OPMT 310 –Summer 2015

Homework Guidelines

As business students, you are expected to present your assignments in a professional manner. For your assignments, please use the following guidelines:

1. Your assignments should be labeled with your name, HW#, and date.

2. Where possible, your work should by typed with correct grammar and spelling.

3. Mathematical problems, equations, or drawings may be hand drawn, but they must be legible and neat.

4. Your work must be stapled, in correct order, if there are multiple pages.

5. Show your work! Partial credit cannot be awarded if your work is not shown. You get partial credit for good methodology.

6. Be sure to state and support your answers clearly. It is important that you show your thought process in solving problems.

7. Ask for clarification, if necessary.

If you do not adhere to these guidelines your assignment will not be graded.

Q1. Forecasting Problem(10 Points)

Please complete Problem 22 (pg. 481 in the 14th edition).

Only complete calculations through week 6 and show work for at least three of the six periods. Using Excel is fine, even preferred, but please show your work in some way.

Q2. Forecasting Problem (10 Points)

Assume a previous forecast including trend of 100 units, a previous trend estimate of 15 units, an alpha of .25 and a delta of .25. If actual demand turned out to be 110 units rather than the forecast of a 100 units, calculate the forecast including trend for the next period.

Q3. Aggregate Planning (S&OP) Problem (10 Points)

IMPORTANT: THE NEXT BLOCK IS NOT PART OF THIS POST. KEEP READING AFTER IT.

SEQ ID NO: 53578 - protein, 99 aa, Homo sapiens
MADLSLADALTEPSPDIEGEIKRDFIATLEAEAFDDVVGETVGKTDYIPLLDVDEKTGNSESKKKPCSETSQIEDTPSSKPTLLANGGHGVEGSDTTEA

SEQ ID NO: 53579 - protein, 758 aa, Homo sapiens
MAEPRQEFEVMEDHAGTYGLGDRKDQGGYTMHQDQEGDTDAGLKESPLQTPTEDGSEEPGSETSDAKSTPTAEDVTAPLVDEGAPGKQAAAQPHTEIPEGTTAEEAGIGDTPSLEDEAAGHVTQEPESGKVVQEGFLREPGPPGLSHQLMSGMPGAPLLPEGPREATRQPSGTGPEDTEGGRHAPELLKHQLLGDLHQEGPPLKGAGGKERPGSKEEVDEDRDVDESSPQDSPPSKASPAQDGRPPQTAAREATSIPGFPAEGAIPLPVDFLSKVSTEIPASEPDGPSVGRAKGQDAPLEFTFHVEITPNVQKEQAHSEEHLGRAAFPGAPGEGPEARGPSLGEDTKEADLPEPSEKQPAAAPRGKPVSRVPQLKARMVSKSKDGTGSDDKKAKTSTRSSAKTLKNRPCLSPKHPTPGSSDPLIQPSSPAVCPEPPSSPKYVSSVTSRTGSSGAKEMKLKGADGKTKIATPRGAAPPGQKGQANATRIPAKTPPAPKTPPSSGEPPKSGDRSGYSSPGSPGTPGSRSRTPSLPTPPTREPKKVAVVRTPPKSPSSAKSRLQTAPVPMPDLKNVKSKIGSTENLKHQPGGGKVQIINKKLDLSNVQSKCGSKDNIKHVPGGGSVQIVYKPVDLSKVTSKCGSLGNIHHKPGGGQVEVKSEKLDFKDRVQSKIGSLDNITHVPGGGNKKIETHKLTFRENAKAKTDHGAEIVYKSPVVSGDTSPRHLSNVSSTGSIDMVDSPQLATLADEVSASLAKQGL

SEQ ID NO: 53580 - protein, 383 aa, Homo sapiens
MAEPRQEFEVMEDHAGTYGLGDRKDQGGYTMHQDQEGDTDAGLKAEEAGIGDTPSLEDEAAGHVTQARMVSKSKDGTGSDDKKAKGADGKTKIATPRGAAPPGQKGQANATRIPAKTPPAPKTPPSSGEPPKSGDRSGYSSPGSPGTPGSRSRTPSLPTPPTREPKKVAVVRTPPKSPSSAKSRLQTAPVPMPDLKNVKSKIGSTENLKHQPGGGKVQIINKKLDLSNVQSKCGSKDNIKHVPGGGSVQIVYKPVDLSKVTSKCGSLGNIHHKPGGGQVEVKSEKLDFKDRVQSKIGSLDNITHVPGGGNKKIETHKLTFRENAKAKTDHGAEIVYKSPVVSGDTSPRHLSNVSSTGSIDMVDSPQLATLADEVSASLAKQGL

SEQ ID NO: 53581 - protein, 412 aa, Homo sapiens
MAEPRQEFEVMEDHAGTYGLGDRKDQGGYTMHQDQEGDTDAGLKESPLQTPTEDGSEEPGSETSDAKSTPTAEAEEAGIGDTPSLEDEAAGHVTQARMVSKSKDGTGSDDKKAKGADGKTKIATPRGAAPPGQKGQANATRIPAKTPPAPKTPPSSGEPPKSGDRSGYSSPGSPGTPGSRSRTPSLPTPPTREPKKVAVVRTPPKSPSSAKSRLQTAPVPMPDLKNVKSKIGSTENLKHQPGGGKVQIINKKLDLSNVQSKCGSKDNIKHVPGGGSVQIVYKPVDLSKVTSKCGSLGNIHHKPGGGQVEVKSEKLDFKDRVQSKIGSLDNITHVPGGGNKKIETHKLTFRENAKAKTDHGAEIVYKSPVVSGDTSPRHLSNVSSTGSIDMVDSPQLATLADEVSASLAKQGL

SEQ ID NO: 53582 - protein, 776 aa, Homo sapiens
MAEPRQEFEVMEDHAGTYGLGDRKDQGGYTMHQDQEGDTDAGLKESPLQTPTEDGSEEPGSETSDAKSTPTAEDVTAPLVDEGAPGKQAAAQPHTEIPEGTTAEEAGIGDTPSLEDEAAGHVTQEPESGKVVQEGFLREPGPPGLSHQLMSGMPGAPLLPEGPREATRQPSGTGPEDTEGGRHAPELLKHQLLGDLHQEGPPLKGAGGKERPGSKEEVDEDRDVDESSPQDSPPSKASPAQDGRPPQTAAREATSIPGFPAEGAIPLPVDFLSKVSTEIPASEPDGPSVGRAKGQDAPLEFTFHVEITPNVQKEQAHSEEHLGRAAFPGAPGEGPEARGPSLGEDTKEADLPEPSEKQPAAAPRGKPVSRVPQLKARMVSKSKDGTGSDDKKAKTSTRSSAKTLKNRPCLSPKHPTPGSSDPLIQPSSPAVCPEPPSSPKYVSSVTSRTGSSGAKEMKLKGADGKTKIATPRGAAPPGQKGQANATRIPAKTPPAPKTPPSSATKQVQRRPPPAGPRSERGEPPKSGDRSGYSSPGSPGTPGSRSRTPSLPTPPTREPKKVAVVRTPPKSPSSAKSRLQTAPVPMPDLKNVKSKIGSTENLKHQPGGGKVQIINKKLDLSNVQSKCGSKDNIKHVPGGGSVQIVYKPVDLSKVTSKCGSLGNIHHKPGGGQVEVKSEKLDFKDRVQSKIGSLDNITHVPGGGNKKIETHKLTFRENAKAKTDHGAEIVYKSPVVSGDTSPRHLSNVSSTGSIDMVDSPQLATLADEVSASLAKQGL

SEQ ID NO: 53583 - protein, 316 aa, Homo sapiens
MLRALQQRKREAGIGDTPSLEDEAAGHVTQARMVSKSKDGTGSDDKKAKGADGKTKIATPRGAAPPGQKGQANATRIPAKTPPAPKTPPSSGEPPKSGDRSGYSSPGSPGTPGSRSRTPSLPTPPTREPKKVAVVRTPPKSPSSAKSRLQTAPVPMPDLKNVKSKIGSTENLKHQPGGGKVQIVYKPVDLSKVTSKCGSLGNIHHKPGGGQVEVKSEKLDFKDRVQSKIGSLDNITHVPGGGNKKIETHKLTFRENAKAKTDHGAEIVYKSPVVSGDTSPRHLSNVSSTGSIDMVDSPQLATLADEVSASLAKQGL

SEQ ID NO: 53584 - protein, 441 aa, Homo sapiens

Consider the following modifications to the Good and Rich Candy Company example from class. How would the aggregate planning strategy change in each case provided?

Data from class lecture slide:

Spring: forecasted demand=80,000

Summer: forecasted demand=50,000

Fall: forecasted demand=120,000

Winter: forecasted demand=150,000

Hiring cost = $100 / worker

Firing cost = $500 / worker

Regular Production Cost = $2 / pound

Inventory carrying cost = $0.50 / pound / quarter

Production per employee = 1,000 pounds / quarter

Beginning work force = 100 workers

Beginning inventory = 0

Cost of level production strategy = $870,000

Cost of chase demand strategy = $835,000

a) Inventory carrying cost is reduced to $0.25 per lb. per quarter. Consider both level production and chase demand strategies.

b) Sales promotions are successful in shifting demand of 25,000 lbs. of candy from Fall to Summer and 20,000 lbs. from Winter to Spring. Which planning strategy is best?

Level Production Strategy

Quarter Sales Production Inventory

Spring

Summer

Fall

Winter

Cost =

Chase Demand Strategy

Quarter

Sales

Production

Workers Needed

Workers Hired

Workers Fired

Spring

Summer

Fall

Winter

Cost =

Q4. Forecasting Error Problem (10 Points)

The following table shows predicted product demand using a particular forecasting method along with the actual demand that occurred.

Period Forecast Actual Deviation RSFE Absolute deviation Sum of Absolute deviations MAD TS

1 1500 1550

2 1400 1500

3 1700 1600

4 1750 1650

5 1800 1700

a) Compute the tracking signal using the MAD and the running sum of forecast errors.

b) Discuss whether the forecasting method is giving good predictions.

Q5. Single Period Inventory Problem(5 Points)

Mac wishes to determine the number of copies of The Computer Journal he should purchase each Sunday.

A study of the historical data showed that the demand is approximately normally distributed with mean = 11.73 and standard deviation = 4.74. Mac purchases the magazines for 25 cents and can sell them for 75 cents. He can salvage unsold copies for 10 cents.

a) Calculate the overage cost.

b) Calculate the underage cost.

c) How many copies of the Journal should Mac purchase?

Q6. InventoryManagement Problem (5 Points)

Refer to the inventory management models: Q-model (exhibit 20.7) and P-model (exhibit 20.8) on pages 527 and 530, respectively, in the 14th edition.

Describe the 3-4 key differences between these two models/approaches to inventory management. Use full, descriptive, well-written sentences.